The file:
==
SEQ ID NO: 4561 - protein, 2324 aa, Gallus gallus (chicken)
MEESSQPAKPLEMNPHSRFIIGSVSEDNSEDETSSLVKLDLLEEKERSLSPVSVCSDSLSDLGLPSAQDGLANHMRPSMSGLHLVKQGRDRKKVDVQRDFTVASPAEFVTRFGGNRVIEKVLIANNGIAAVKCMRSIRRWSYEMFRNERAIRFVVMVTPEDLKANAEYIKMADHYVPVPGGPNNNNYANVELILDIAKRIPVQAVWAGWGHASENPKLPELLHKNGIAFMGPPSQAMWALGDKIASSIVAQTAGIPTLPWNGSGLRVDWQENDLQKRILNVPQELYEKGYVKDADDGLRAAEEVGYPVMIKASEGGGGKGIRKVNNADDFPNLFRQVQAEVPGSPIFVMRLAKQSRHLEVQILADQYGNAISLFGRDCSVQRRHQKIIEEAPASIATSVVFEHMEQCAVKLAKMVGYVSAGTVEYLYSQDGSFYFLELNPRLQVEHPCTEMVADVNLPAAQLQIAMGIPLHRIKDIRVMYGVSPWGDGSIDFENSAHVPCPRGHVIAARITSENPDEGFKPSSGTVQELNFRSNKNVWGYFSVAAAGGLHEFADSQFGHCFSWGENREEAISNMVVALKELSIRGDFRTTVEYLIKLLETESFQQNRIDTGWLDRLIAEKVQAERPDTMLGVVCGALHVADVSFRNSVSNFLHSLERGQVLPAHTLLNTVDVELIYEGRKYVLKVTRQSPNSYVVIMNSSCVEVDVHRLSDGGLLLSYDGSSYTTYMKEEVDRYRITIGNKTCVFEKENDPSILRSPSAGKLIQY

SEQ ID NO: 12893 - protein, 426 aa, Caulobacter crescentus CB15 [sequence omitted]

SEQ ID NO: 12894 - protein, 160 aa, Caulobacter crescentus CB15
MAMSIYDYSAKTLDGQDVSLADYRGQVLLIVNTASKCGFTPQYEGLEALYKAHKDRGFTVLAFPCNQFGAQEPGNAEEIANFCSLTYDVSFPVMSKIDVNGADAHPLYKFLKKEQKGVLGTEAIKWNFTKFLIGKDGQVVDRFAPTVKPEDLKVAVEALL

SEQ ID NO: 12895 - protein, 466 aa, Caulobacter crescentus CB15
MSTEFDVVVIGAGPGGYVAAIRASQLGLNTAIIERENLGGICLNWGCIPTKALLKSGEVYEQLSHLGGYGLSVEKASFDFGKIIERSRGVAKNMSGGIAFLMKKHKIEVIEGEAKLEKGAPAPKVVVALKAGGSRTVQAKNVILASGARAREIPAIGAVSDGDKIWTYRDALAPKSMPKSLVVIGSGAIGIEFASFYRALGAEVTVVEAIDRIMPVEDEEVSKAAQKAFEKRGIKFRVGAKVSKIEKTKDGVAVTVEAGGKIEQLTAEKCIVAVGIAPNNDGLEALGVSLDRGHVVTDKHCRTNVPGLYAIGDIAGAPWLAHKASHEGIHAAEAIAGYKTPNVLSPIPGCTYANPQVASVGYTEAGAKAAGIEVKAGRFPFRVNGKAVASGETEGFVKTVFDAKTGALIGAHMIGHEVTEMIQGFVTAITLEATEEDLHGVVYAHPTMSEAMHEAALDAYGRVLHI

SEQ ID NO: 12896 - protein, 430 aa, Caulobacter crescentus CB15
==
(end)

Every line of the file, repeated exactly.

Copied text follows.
SEQ ID NO: 4561 - protein, 2324 aa, Gallus gallus (chicken)
MEESSQPAKPLEMNPHSRFIIGSVSEDNSEDETSSLVKLDLLEEKERSLSPVSVCSDSLSDLGLPSAQDGLANHMRPSMSGLHLVKQGRDRKKVDVQRDFTVASPAEFVTRFGGNRVIEKVLIANNGIAAVKCMRSIRRWSYEMFRNERAIRFVVMVTPEDLKANAEYIKMADHYVPVPGGPNNNNYANVELILDIAKRIPVQAVWAGWGHASENPKLPELLHKNGIAFMGPPSQAMWALGDKIASSIVAQTAGIPTLPWNGSGLRVDWQENDLQKRILNVPQELYEKGYVKDADDGLRAAEEVGYPVMIKASEGGGGKGIRKVNNADDFPNLFRQVQAEVPGSPIFVMRLAKQSRHLEVQILADQYGNAISLFGRDCSVQRRHQKIIEEAPASIATSVVFEHMEQCAVKLAKMVGYVSAGTVEYLYSQDGSFYFLELNPRLQVEHPCTEMVADVNLPAAQLQIAMGIPLHRIKDIRVMYGVSPWGDGSIDFENSAHVPCPRGHVIAARITSENPDEGFKPSSGTVQELNFRSNKNVWGYFSVAAAGGLHEFADSQFGHCFSWGENREEAISNMVVALKELSIRGDFRTTVEYLIKLLETESFQQNRIDTGWLDRLIAEKVQAERPDTMLGVVCGALHVADVSFRNSVSNFLHSLERGQVLPAHTLLNTVDVELIYEGRKYVLKVTRQSPNSYVVIMNSSCVEVDVHRLSDGGLLLSYDGSSYTTYMKEEVDRYRITIGNKTCVFEKENDPSILRSPSAGKLIQY

SEQ ID NO: 12893 - protein, 426 aa, Caulobacter crescentus CB15 [sequence omitted]

SEQ ID NO: 12894 - protein, 160 aa, Caulobacter crescentus CB15
MAMSIYDYSAKTLDGQDVSLADYRGQVLLIVNTASKCGFTPQYEGLEALYKAHKDRGFTVLAFPCNQFGAQEPGNAEEIANFCSLTYDVSFPVMSKIDVNGADAHPLYKFLKKEQKGVLGTEAIKWNFTKFLIGKDGQVVDRFAPTVKPEDLKVAVEALL

SEQ ID NO: 12895 - protein, 466 aa, Caulobacter crescentus CB15
MSTEFDVVVIGAGPGGYVAAIRASQLGLNTAIIERENLGGICLNWGCIPTKALLKSGEVYEQLSHLGGYGLSVEKASFDFGKIIERSRGVAKNMSGGIAFLMKKHKIEVIEGEAKLEKGAPAPKVVVALKAGGSRTVQAKNVILASGARAREIPAIGAVSDGDKIWTYRDALAPKSMPKSLVVIGSGAIGIEFASFYRALGAEVTVVEAIDRIMPVEDEEVSKAAQKAFEKRGIKFRVGAKVSKIEKTKDGVAVTVEAGGKIEQLTAEKCIVAVGIAPNNDGLEALGVSLDRGHVVTDKHCRTNVPGLYAIGDIAGAPWLAHKASHEGIHAAEAIAGYKTPNVLSPIPGCTYANPQVASVGYTEAGAKAAGIEVKAGRFPFRVNGKAVASGETEGFVKTVFDAKTGALIGAHMIGHEVTEMIQGFVTAITLEATEEDLHGVVYAHPTMSEAMHEAALDAYGRVLHI

SEQ ID NO: 12896 - protein, 430 aa, Caulobacter crescentus CB15